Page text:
December 6, 2021

I, Science

The science magazine of Imperial College

A new study is one of the first to shed light on the biological mechanisms behind premenstrual dysphoric disorder (PMDD).

Most women experience some form of premenstrual syndrome (PMS) at some point in their menstrual cycle. However, a small percentage suffer with a more extreme version of this called premenstrual dysphoric disorder (PMDD). The symptoms of this are so severe that it can interfere with the ability to lead a normal life. Yet a new study has illuminated the molecular and genetic mechanisms behind this very real and debilitating condition.

The symptoms of PMDD are largely psychiatric, including depression, anxiety, sleep disturbance and extreme irritability, but also include physical manifestations such as nausea and muscle aches. Some have criticised the labelling of this issue as a medical condition as it de-emphasises the potential social causes of premenstrual distress in women. Others welcome studies like this as they provide further evidence of the difficulties experienced by these women and make it harder to dismiss it as something to simply ‘get over’.

This study, published in Molecular Psychiatry, involved deregulating ovarian hormones, progesterone and oestrogen, in both women diagnosed with and without PMDD. The PMDD symptoms were significantly reduced during this period, compared to when the hormones were ‘turned on’. The control women did not experience any change. This suggested that it was not the amount of hormones that caused the difference, but rather the contrasting reaction to them.

The indication was that the brain cells’ reaction to the hormones was causing the difference. As white blood cells (WBC) express most of the same genes as brain cells, the researchers continued the experiment using WBCs from the subjects. They found a difference between the WBCs that had been exposed to the hormones and those that had not. The difference was in a specific gene complex that controls the expression of genes in response to various hormones.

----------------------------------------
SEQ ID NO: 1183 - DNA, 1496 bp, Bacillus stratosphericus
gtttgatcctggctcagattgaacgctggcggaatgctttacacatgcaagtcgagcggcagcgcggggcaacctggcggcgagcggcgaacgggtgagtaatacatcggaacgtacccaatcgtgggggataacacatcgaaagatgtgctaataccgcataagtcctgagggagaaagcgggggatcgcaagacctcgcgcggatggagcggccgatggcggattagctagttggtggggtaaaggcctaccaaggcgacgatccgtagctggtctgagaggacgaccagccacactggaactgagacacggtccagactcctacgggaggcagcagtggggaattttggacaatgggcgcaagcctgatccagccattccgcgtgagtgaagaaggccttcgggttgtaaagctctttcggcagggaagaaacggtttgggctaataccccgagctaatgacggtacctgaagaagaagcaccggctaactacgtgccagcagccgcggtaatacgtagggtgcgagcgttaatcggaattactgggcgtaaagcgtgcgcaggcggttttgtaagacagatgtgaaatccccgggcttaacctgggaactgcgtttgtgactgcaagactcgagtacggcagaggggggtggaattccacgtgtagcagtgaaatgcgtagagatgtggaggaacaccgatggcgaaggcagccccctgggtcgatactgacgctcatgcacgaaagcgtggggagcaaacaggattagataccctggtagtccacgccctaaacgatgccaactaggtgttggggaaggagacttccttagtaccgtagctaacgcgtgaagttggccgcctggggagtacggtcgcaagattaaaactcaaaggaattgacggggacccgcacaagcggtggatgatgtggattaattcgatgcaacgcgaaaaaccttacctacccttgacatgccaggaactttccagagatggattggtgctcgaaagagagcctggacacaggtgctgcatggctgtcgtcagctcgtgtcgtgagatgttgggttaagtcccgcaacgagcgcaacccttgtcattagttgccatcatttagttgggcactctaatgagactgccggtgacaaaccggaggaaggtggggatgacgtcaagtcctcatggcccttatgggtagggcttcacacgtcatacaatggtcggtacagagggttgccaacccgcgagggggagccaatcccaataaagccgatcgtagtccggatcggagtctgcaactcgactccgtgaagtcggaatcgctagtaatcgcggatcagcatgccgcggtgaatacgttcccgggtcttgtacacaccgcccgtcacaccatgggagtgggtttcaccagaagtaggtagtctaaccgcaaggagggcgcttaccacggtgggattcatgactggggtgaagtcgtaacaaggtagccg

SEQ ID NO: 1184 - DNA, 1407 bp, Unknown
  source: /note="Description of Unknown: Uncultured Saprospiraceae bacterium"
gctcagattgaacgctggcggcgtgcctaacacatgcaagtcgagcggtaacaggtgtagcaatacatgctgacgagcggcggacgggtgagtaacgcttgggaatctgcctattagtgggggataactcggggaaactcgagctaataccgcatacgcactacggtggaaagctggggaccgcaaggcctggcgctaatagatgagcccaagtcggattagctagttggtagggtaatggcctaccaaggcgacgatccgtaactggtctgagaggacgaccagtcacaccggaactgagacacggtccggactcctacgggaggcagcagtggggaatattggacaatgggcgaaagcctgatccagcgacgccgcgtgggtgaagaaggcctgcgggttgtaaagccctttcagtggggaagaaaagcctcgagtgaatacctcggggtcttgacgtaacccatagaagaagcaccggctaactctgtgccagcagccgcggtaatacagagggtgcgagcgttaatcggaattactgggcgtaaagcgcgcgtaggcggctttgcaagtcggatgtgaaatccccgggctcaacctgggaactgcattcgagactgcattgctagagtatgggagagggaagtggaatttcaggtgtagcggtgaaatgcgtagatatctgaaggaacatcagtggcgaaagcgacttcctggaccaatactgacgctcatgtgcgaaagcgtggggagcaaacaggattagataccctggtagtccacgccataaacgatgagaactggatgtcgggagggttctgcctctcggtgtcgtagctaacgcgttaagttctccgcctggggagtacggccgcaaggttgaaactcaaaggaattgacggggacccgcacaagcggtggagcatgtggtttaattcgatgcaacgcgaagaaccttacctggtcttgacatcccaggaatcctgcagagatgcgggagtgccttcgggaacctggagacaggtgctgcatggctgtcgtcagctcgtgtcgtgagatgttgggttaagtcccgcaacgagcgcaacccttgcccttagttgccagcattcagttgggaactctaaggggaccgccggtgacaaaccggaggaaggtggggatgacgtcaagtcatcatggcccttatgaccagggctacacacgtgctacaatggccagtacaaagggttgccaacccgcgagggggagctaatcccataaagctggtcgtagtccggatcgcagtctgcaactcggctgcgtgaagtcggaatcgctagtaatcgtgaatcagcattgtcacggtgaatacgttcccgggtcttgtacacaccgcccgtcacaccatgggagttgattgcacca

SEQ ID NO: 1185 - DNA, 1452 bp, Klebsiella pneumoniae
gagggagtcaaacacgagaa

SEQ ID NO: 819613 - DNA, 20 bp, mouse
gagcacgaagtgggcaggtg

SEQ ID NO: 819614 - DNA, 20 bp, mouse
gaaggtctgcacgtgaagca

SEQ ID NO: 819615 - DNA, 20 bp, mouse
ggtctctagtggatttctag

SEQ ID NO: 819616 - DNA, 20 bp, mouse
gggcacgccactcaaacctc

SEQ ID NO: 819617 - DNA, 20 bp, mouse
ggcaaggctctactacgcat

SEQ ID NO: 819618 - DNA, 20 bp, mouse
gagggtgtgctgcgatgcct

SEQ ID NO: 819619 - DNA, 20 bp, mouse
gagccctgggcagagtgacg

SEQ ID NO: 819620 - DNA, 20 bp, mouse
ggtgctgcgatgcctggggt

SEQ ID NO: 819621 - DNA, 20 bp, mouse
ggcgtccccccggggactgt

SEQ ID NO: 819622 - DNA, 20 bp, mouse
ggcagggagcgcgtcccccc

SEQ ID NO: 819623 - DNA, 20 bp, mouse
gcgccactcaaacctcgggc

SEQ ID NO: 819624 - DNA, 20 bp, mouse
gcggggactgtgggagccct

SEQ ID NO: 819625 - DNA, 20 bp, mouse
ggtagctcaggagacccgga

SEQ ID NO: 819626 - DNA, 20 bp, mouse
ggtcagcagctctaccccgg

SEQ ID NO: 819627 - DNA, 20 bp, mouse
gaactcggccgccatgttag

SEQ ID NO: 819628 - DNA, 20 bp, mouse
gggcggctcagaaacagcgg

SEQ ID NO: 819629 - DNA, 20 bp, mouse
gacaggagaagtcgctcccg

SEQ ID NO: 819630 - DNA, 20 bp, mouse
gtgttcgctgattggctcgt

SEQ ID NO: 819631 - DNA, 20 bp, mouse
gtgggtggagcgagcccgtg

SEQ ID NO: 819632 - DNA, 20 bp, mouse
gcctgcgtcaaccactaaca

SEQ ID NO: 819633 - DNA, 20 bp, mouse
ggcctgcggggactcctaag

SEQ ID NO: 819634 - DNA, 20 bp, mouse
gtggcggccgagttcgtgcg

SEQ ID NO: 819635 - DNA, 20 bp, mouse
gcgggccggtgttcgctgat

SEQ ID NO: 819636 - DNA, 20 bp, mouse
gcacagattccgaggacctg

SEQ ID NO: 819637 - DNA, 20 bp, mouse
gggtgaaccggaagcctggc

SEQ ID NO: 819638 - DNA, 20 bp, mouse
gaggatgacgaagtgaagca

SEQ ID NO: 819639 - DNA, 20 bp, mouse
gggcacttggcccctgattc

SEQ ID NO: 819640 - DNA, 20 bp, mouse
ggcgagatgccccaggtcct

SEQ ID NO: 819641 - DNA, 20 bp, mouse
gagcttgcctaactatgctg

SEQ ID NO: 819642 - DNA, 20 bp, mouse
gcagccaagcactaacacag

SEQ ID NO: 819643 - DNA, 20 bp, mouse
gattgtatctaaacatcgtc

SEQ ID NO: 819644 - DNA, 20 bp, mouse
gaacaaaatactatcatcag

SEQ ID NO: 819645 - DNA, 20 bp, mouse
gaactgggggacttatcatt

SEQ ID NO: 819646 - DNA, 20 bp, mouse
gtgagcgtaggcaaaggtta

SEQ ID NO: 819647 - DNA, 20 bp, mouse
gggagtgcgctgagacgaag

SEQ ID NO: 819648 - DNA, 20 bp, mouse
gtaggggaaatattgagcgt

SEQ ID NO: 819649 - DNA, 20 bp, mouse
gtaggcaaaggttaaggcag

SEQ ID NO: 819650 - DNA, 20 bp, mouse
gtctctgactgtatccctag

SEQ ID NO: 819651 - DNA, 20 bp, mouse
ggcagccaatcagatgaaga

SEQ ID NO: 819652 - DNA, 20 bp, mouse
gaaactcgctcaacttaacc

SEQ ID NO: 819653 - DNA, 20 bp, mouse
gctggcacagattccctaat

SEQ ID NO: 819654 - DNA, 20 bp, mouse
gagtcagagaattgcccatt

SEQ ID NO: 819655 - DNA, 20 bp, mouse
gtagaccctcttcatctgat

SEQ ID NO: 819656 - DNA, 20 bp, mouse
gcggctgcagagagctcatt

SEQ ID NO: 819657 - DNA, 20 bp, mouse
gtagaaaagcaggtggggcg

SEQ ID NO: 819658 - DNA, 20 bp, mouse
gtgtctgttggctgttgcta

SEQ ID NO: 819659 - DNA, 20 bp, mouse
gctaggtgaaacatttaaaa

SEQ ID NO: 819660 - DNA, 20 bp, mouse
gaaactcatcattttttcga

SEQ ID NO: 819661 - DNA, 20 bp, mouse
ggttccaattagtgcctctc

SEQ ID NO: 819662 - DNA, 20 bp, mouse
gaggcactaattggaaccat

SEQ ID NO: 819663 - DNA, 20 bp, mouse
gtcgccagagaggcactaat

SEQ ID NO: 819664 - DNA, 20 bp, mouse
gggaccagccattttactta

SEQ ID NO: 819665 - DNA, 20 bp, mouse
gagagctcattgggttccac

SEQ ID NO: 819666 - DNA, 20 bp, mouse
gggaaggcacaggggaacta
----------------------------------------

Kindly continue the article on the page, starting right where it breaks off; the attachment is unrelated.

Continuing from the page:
It was found that certain genes in the cells of PMDD women were being overexpressed, whereas no such mutation was found in those without PMDD. The results suggest that something about the molecular pathway in women with PMDD is causing extreme sensitivity to ovarian hormones. Peter Schmidt, a co-author of the study, described the results as “cellular evidence of abnormal signalling in cells derived from women with PMDD”.

Although this study was very small and is in need of replication, it offers some first steps in providing a plausible biological cause for this condition. No longer can women experiencing this be deemed ‘over-emotional’ and in need of better self-control. The struggle is very real and this study could even lead to improved treatments for this condition and similar diagnoses.

Sarah Barfield Marks is studying for an MSc in Science Communication

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